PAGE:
South Korea probes 'mobe patent bully-boy' Samsung
Apple takes phone feud to rival's home turf
South Korea's Fair Trade Commission is investigating whether Samsung abused its position as a wireless patent hoarder following a complaint by Apple.
The competition watchdog will assess whether Sammy used its patents, which cover technology deemed essential for meeting telecommunications standards, to bully mobile-phone makers in business dealings. The commission is expected to look into the two rivals' smartphone market shares as well as the patents, the Korea Herald reported.
"It is true that we have launched an investigation into the case. We are following our usual probe proceedings. But we cannot elaborate further on an ongoing investigation,” Noh Sang-sub, an official at the FTC’s anti-monopoly bureau, told the daily English-language paper.
Samsung told The Reg in an emailed statement that it wasn't able to comment on the matter specifically.
"[But] we have at all times met our obligations to the fair licensing of our telecommunications standards patents," the South Korean electronics giant added.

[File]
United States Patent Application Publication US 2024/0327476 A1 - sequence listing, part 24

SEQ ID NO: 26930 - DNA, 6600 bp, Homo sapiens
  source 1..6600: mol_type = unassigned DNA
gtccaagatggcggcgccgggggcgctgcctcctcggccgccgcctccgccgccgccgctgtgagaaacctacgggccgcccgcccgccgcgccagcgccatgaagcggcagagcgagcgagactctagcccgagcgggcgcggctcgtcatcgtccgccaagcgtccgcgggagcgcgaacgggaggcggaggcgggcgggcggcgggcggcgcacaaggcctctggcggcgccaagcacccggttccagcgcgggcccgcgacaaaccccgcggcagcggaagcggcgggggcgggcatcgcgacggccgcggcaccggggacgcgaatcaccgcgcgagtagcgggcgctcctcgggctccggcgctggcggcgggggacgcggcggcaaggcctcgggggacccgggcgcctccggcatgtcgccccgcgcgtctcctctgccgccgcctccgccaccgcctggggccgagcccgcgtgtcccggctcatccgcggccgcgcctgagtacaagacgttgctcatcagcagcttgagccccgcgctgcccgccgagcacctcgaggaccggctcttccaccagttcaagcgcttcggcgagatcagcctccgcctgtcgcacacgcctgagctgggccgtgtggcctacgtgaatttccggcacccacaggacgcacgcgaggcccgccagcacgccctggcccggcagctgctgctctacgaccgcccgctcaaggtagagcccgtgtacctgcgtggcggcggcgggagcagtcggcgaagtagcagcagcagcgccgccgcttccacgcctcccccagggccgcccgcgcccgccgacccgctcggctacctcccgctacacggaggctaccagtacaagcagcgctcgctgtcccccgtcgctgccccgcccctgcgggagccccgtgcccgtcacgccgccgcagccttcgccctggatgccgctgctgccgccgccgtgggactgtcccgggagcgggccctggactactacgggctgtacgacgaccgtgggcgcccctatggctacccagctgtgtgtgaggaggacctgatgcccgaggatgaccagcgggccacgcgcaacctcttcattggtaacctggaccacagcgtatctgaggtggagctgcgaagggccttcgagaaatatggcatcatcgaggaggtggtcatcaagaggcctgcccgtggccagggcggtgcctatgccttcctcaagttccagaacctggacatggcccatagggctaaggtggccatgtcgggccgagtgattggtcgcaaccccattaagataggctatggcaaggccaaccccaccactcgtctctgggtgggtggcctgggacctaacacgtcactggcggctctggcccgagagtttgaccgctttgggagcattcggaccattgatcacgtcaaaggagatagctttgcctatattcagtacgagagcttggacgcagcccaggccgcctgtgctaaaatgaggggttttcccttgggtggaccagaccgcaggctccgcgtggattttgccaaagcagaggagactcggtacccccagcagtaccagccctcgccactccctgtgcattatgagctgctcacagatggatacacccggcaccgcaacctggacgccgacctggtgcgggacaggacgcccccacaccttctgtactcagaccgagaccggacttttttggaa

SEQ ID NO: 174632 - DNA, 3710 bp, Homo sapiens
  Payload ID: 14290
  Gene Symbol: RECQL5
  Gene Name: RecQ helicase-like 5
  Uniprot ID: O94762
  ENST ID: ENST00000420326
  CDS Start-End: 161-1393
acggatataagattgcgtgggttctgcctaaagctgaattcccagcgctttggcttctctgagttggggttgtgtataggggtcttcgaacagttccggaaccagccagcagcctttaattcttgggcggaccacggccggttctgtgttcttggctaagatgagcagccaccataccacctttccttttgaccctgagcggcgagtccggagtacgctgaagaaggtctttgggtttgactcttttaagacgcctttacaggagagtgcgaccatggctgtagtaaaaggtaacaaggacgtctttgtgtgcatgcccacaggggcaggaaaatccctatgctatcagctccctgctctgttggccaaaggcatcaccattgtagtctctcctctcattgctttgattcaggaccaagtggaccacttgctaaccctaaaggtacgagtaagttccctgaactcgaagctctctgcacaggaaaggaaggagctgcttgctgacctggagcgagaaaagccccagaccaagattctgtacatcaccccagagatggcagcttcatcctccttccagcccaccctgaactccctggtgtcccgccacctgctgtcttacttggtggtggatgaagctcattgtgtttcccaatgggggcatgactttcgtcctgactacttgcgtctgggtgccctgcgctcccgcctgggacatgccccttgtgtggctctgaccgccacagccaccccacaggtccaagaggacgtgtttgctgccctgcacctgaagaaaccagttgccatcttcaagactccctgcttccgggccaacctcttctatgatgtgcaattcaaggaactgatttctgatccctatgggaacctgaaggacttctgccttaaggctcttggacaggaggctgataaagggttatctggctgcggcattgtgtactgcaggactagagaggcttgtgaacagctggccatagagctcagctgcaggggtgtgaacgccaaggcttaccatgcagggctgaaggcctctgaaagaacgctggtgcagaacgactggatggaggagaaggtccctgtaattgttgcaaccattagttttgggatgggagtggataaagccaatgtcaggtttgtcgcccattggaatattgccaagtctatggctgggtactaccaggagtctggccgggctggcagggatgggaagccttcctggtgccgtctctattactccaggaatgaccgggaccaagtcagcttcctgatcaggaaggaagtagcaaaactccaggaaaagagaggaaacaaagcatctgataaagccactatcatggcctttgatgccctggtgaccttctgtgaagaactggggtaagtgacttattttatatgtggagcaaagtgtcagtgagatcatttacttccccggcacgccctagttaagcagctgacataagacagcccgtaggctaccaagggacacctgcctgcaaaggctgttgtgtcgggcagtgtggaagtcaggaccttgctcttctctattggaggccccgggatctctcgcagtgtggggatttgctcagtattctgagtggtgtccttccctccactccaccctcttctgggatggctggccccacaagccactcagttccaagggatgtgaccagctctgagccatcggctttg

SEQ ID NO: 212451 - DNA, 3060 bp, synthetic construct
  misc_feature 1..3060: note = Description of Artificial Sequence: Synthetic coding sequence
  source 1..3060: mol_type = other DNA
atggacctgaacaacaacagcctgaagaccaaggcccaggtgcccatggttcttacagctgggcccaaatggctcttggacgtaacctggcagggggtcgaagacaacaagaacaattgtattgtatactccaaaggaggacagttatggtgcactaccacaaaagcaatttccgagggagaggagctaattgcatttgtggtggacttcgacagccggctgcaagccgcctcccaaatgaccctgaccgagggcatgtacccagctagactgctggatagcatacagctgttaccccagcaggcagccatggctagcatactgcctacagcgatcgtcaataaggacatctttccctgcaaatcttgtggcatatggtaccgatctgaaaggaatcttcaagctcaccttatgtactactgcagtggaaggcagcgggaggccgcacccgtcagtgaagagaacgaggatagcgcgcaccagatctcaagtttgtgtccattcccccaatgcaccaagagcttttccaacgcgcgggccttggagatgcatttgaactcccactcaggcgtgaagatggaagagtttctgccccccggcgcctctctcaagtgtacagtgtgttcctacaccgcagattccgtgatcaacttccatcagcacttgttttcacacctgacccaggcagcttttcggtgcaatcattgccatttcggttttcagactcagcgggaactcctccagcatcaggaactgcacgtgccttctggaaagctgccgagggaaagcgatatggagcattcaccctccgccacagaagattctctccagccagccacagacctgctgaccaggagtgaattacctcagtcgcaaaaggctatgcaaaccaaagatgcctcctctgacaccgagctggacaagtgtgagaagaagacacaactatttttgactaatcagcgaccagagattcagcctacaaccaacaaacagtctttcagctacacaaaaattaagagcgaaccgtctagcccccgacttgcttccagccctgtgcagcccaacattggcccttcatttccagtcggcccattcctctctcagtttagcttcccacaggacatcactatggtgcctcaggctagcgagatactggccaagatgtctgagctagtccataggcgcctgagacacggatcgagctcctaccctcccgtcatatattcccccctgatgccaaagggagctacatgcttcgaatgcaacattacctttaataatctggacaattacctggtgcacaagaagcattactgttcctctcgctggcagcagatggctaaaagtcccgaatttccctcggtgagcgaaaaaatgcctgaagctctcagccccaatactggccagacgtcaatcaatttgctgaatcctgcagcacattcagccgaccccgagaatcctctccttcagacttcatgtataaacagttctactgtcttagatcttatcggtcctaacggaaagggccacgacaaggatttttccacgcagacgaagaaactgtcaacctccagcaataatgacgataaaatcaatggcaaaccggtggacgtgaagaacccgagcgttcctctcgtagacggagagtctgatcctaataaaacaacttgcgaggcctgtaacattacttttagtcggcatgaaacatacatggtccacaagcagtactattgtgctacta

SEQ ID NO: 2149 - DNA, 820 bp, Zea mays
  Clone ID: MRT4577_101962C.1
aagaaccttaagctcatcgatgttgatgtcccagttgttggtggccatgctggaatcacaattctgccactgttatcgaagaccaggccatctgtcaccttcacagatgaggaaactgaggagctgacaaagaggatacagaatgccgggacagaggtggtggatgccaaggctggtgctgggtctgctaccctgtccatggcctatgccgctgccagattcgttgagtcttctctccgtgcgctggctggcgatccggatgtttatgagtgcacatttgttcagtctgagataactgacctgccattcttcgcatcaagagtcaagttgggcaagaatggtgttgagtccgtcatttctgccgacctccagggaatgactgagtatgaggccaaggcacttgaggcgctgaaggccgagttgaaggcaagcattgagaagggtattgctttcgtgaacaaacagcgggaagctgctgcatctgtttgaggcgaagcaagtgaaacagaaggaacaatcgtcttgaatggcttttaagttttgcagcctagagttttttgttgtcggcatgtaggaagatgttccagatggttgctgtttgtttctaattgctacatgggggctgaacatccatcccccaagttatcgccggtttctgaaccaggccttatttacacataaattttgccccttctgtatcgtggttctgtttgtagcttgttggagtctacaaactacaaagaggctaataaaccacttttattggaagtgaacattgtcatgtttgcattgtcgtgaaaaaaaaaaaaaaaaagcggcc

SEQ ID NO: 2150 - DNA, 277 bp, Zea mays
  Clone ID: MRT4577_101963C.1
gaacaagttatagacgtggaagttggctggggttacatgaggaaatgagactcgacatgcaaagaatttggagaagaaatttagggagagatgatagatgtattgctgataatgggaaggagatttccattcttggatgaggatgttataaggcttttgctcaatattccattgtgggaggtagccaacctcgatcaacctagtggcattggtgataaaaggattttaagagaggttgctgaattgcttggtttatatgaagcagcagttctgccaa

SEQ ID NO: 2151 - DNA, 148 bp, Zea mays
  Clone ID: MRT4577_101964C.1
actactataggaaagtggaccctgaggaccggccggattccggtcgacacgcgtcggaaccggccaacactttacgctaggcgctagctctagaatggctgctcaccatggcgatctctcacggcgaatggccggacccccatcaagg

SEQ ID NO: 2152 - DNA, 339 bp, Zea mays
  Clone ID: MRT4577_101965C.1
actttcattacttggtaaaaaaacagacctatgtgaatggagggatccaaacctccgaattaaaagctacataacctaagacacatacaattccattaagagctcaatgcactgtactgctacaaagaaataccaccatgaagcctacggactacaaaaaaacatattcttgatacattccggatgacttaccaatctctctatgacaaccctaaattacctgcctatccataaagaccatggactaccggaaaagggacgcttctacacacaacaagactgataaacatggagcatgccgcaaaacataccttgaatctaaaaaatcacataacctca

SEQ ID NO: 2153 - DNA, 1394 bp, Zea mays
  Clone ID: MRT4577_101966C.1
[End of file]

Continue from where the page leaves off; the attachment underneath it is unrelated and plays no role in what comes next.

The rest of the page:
Apple has frequently accused Samsung of demanding far too much in licensing fees for its 3G patents and abusing the "monopoly power" granted by those protected designs.
The fruity firm's whinges have been enough to spark a US Congress hearing on whether standards-essential patents should be permitted in preliminary injunction attempts to ban sales of products.
The regulatory complaints and investigations are just one aspect of an all-out war that Apple has declared on a multitude of smartphone-makers. Recent decisions have gone both ways, with Apple winning a massive victory in the States, including $1.05bn in damages and prospective permanent bans on Galaxy SII phones.
Samsung's wins have been small in comparison, with a Tokyo court deciding that one patent brought by Apple wasn't infringed by Sammy stuff. ®